President Duterte, again in a moment that I can only surmise as hyperbolic, vowed that should the death penalty be reinstated in the country, that he will execute five to six people a day. I am not sure if this includes Sundays, holidays, and Christmas.
As I have said, I like the President. I can take him any day, and twice on Sundays, and on unlimited basis on holidays, including Christmas.
I take this opportunity to affirm my support to the President, for which I have been pilloried and my professional reputation has been demeaned as that professor who sold out to the devil.
He may be evil to his critics, but he is not to me, nor to the millions who see him in a different light.
On this season of giving, what I see in him is a giving President. I see in him a personification of the three wise men, the Magis from the East, who brought gifts to the child Jesus.
His government gives free irrigation to farmers, and vows to give free hospitalization and medicines to the poor.
While I have serious problems with the free tuition in state universities and colleges, I like the principle behind it, and attribute its flaws more to the fact that it was a budgetary insertion that happened in a bicameral conference, and did not pass through the rigors of committee hearings and technical study. I am confident that its flaws will be addressed by Congress in a separate law.
He may be a hardliner on the issue of drugs, but I would rather see him as the giver of life rather than a harbinger of death, as one who establishes drug rehabilitation centers all over the country. These centers cater to the needs of those who want to redirect their lives away from the culture of death associated with drug addiction.
The President provides hope to many. He is the change that is thirty years in the making. He is the personification of a revolution, after it has been betrayed by the elites who took over it after the dictator had been ousted.
But my support to the President does not include support to his stance on the death penalty.
My opposition to the death penalty rests on the fact that whatever benefit we get from it will not make us more human. On the contrary, it makes us less. Death penalty has been shown not to be an effective deterrent to crime. What will deter crime are the swiftness of justice and the certainty of punishment.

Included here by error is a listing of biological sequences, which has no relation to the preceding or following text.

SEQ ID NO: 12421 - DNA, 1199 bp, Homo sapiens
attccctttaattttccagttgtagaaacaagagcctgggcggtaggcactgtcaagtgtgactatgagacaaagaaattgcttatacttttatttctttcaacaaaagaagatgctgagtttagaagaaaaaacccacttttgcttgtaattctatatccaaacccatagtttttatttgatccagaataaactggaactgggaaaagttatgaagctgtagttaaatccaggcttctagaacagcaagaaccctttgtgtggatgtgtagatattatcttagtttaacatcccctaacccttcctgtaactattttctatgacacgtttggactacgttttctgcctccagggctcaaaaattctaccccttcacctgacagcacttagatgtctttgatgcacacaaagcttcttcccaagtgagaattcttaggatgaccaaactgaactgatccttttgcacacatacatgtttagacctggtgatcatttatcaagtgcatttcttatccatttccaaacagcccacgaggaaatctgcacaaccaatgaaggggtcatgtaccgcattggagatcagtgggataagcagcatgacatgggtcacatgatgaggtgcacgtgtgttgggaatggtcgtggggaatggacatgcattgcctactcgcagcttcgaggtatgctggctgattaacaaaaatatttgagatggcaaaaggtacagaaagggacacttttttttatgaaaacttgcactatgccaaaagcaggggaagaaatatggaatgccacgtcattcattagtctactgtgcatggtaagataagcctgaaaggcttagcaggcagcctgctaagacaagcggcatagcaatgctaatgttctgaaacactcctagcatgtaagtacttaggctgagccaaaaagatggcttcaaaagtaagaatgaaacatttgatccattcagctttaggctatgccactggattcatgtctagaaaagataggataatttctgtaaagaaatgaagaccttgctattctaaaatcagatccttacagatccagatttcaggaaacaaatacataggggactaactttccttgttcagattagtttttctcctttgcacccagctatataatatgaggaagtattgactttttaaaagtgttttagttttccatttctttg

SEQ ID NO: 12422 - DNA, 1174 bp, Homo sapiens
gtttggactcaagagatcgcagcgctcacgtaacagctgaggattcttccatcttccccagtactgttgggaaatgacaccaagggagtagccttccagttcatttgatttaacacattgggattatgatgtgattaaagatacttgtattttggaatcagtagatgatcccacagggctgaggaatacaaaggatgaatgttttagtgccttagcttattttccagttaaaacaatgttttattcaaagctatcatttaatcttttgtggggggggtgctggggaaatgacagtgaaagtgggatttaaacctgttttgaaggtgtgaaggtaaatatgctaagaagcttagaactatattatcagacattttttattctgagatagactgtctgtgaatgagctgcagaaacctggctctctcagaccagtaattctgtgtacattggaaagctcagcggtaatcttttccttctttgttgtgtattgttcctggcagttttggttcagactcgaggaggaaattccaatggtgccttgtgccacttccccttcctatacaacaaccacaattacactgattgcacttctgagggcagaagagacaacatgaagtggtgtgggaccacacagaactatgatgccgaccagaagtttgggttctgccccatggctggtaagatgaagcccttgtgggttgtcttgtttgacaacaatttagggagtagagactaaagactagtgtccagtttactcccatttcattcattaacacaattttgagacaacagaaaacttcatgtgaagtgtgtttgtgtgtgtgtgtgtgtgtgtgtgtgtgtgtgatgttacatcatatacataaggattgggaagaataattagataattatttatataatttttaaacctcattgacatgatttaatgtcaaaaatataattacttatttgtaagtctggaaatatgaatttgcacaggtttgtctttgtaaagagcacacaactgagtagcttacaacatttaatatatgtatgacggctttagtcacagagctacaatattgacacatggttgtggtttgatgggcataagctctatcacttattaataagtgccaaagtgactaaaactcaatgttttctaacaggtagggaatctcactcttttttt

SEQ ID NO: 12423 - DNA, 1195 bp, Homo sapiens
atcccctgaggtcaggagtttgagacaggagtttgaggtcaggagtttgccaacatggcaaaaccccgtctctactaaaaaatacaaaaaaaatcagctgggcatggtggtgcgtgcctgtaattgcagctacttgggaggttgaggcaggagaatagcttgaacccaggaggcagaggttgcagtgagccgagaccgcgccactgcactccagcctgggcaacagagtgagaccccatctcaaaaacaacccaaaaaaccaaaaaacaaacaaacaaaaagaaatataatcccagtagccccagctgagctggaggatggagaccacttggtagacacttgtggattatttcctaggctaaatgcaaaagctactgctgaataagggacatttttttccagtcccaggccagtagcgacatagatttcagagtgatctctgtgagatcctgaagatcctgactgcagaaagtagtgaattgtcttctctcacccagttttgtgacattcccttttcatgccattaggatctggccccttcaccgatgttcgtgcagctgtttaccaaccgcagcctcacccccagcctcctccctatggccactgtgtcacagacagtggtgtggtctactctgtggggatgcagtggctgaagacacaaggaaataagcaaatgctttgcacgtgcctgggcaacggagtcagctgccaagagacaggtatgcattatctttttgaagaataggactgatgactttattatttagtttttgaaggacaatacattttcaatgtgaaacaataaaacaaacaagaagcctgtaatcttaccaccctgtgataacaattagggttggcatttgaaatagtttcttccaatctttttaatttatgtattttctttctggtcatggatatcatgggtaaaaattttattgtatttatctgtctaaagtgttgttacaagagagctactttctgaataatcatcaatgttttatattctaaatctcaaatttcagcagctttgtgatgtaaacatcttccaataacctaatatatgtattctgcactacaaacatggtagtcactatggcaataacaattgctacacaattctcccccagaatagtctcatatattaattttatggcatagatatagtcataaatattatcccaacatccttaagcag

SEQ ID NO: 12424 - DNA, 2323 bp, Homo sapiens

To impose the death penalty now without improving the efficiency and quality of our justice system can only but weigh heavily upon the poor and the powerless. Richer criminals can have the resources to procure the best legal defense their money can buy, and can take advantage of the legal technicalities and loopholes.
Judges are not infallible, they can commit mistakes. While setting a criminal free is a blight on society, hanging an innocent person who simply does not have the resources to retain the best lawyer is not different from the death of innocent victims. Such would be an unforgivable act that diminishes our humanity.
The President himself admitted that his bias towards the death penalty is not born out of his belief that it will deter crime, but instead considered such as an act of retribution.
But an eye for an eye can leave the whole world blind.
Allied to the President in this view is the ultra-conservative and uber-clueless Senator Emmanuel Pacquiao who had the temerity to push for the death penalty even as he advocates for a day reserved for honoring the Bible. He mouths passages from the Old Testament without being conscious of how succeeding generations of theologizing have supplanted practices associated with the Old Covenant Law, which in the New Testament Jesus Christ challenged and changed.
Senator Pacquiao, a confessed serial adulterer who since have mended ways, would have been punished by death under the Old Testament as per Leviticus 20:10.
But Senator Pacquiao was given the opportunity to reform. Under the graces of the new interpretation that is celebrated in Romans 6: 23, the wages of sin is still eternal death but adultery no longer carries the penalty of death under our laws. And he is now a Senator and a pastor. He was given another chance in his life, which he now would like to deny other sinners, and criminals. Adultery, by the way, is still a crime.
President Duterte should endeavor in this Christmas season to emulate the wise men from the East, and celebrate the virtue of giving the gift of life, instead of being the harbinger of death. He should not be like the Sanhedrin that condemned Jesus to death for violating the laws under the Old Testament which people like Senator Pacquiao would like to celebrate.